Isn’t it amazing they were able to take everyday plants and fruits and make beautiful decorations.  Of course, pineapple would have been a special treat back in Colonial times.  You see pineapple used in a lot of arrangements over doorways because it symbolized hospitality.

Colonial Williamsburg Decorated for Christmas


Colonial Williamsburg Decorated for Christmas

17. Symmetry plays a big part in decorating in Colonial Williamsburg.  You see it in the individual arrangements and also in how they were displayed outside home and businesses.

Colonial Williamsburg Decorated for Christmas

18. This must the the Silversmith.  Looks like yarrow and shells were used in this pretty wreath.  What else?  Maybe dried lemon? What are the silver things?  Are they cups?  Or, maybe that’s pewter.

Colonial Williamsburg Decorated for Christmas

Hope you enjoyed this little tour highlighting a few of the Christmas decorations in Colonial Williamsburg.  Mary, thanks so much for sharing your wonderful pictures!  I’m really yearning to go for a visit during Christmastime now!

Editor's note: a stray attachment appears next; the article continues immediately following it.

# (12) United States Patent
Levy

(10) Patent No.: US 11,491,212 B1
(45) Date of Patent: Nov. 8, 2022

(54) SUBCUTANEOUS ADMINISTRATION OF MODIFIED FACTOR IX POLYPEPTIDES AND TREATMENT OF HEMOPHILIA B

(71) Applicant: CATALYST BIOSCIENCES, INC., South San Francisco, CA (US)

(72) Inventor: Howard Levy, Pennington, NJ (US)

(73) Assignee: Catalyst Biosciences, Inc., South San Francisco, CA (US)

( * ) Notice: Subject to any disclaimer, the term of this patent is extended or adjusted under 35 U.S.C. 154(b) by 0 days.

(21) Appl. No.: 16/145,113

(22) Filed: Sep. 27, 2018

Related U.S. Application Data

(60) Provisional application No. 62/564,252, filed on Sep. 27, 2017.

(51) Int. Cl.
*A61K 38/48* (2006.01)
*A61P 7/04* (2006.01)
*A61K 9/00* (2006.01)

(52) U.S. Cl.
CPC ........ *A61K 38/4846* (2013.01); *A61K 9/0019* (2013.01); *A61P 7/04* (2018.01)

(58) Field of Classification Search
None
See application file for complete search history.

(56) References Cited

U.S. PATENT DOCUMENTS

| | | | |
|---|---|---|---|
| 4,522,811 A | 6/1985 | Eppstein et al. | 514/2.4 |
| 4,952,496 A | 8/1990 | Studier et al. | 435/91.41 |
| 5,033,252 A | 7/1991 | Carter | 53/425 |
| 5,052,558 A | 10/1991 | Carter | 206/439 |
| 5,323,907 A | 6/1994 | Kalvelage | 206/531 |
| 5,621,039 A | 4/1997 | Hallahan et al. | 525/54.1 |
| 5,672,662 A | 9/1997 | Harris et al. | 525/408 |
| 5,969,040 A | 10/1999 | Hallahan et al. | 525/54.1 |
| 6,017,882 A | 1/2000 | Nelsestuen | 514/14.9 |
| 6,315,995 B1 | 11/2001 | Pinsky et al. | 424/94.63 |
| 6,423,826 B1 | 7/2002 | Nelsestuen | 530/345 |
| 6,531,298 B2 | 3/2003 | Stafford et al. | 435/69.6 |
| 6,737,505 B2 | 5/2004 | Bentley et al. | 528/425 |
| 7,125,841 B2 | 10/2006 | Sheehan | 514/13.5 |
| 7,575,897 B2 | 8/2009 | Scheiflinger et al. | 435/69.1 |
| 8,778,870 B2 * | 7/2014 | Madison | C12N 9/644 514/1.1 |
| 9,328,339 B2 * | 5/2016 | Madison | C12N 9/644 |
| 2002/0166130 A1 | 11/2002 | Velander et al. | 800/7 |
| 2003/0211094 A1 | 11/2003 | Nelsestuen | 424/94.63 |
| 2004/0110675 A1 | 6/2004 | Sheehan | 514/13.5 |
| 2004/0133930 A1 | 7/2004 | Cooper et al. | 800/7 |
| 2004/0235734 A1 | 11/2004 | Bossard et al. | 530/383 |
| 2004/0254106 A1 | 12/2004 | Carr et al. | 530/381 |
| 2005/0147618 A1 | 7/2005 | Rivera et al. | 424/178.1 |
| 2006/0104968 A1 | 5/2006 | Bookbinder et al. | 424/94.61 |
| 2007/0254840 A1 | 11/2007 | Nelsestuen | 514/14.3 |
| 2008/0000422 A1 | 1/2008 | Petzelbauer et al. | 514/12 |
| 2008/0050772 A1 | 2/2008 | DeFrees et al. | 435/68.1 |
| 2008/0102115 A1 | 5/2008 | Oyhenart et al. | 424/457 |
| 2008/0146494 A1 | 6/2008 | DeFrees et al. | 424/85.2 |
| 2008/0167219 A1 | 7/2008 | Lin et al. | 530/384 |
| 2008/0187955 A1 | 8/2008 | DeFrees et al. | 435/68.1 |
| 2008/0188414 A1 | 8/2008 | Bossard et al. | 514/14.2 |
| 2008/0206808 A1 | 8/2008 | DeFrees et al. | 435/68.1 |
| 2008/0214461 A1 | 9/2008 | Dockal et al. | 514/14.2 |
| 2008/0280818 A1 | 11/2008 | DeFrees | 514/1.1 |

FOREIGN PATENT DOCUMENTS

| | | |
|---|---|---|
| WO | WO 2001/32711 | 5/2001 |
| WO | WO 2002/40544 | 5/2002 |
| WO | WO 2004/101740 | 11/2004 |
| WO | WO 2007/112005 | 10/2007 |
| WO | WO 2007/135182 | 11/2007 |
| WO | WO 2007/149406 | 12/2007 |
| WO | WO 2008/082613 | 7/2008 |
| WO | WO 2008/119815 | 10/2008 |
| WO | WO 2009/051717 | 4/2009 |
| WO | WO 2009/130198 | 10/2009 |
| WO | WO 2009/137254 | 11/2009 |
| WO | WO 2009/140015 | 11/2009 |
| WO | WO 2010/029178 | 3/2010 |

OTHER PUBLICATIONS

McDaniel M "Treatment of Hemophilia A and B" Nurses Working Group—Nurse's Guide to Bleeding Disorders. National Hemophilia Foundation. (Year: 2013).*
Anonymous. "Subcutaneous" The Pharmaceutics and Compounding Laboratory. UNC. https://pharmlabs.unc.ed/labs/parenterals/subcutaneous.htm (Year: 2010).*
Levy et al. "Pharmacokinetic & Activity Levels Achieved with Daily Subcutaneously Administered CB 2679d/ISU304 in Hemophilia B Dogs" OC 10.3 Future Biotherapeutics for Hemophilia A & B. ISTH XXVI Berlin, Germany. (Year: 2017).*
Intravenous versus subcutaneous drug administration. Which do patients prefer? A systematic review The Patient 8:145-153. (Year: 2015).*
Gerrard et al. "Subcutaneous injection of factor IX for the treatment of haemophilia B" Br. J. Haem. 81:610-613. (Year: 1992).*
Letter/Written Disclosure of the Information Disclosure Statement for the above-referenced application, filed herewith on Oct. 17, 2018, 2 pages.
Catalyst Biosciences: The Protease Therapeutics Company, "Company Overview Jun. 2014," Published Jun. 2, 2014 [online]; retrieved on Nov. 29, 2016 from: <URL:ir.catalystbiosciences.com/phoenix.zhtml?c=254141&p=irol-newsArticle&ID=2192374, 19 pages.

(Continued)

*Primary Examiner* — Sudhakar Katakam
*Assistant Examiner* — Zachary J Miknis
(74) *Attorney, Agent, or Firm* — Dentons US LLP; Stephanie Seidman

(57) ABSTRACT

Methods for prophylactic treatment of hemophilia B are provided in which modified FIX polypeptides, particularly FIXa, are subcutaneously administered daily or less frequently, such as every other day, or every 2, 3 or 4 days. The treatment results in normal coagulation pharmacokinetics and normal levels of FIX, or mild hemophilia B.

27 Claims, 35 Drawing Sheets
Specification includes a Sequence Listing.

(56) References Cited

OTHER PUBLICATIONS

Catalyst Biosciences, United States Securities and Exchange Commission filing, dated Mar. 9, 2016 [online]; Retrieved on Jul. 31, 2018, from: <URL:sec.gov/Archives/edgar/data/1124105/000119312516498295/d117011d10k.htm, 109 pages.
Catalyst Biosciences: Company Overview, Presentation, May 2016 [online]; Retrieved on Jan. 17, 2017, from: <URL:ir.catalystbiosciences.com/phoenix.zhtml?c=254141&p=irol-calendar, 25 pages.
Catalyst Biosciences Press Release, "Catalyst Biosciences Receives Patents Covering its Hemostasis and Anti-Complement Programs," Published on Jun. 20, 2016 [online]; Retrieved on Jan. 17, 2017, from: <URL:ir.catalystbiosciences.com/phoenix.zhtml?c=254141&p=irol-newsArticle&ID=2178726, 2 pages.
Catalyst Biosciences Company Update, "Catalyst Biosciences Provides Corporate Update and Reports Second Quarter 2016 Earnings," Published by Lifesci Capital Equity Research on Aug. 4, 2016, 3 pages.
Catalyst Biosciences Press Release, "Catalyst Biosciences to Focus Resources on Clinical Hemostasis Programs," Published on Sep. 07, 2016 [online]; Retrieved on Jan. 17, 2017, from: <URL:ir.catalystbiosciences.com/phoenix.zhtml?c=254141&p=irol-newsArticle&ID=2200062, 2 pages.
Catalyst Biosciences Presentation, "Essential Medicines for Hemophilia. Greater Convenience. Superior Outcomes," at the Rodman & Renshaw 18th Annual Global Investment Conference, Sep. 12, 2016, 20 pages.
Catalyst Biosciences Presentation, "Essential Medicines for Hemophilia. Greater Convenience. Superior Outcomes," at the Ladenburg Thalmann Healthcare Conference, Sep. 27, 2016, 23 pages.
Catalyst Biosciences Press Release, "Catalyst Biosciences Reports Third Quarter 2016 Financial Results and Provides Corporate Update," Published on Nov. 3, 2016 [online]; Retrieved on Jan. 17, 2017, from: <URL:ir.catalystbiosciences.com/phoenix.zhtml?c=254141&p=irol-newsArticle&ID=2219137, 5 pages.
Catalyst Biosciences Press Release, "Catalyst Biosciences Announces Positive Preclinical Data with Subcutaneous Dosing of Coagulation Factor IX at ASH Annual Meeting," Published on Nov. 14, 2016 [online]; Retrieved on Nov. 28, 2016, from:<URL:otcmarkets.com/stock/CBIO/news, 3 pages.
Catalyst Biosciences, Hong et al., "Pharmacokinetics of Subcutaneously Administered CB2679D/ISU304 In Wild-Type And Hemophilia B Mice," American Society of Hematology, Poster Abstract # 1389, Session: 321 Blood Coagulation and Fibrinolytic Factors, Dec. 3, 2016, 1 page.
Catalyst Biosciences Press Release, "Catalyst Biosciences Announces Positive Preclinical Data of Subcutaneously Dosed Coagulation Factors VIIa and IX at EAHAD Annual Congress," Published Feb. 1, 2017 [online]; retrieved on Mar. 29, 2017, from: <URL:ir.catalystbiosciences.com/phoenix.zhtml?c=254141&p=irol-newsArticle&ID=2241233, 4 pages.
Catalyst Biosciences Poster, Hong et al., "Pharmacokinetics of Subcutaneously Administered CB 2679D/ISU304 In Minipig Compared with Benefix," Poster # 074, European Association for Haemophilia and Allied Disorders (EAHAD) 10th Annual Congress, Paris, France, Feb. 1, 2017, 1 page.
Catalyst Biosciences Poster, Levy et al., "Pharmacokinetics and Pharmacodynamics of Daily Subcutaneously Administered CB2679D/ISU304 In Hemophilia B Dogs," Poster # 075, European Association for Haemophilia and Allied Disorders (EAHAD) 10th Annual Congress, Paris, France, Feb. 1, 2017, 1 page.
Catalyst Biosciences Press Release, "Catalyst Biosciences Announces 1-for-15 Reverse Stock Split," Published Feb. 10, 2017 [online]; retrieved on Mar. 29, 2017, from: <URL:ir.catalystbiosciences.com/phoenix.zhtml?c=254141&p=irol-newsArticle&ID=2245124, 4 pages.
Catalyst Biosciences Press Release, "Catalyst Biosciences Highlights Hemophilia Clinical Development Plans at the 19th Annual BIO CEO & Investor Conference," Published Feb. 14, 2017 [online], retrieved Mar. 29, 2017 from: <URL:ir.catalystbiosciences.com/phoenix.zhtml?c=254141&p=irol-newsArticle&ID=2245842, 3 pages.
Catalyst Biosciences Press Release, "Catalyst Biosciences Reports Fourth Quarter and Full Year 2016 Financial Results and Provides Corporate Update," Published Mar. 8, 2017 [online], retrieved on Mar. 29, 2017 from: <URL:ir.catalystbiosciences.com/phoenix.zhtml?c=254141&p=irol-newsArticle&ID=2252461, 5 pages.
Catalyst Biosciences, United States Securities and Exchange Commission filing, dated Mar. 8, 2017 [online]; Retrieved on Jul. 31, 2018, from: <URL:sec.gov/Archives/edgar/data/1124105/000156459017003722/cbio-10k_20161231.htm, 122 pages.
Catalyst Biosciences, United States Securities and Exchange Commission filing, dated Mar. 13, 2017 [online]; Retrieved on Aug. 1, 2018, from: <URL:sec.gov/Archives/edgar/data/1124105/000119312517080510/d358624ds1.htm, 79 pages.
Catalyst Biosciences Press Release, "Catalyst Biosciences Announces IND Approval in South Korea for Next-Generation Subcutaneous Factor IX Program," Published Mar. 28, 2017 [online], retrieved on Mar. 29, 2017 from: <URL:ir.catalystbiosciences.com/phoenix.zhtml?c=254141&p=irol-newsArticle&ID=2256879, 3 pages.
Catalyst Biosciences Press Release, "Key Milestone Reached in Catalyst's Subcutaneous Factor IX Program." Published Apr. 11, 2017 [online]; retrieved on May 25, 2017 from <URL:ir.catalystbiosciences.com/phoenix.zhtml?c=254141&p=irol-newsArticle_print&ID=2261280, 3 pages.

See you tonight for Tablescape Thursday.

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  1. I've always been fond of the Williamsburg decorations for Christmas. Thanks for sharing.

  2. ♥ Sonny ♥ says

    what a wonderful post. I loved seeing every homes exterior.
    I hope when I retire I can go there one Christmas and see it all for myself. Simply stunninng and I agree what fun it would be to help make all those arrangements.

    Merry Christmas

  3. Thanks for posting these wonderful photos! Williamsburg has such simple elegance year-round, but it look stunning decked out for the holidays. The incorporation of so many different natural elements creates a stunning array of wreaths and garland. Beautiful!

  4. #10 – that is indeed the whole turkey fan. And I think someone exercised a little artistic license with those green seed pods. These are beautiful decorations.

  5. We love Colonial Williamsburg and live 45 minutes from Duke of Gloucester Street. The Christmas decorations are beautiful, it's so much fun to stroll down the street enjoying the beauty … then pause to buy steaming hot apple cider and warm your hands over the open fire … then take the horse-drawn carriage ride. If you stay into the evening, you can watch the amazing fife and drum corps march down the street, pausing for the lighting of the street lamps. Before we had children, we dined in the Taverns, enjoying amazing food along with the strolling minstrel. All perfectly old-fashioned magical. Hope you can come to Virginia one December and enjoy the magic.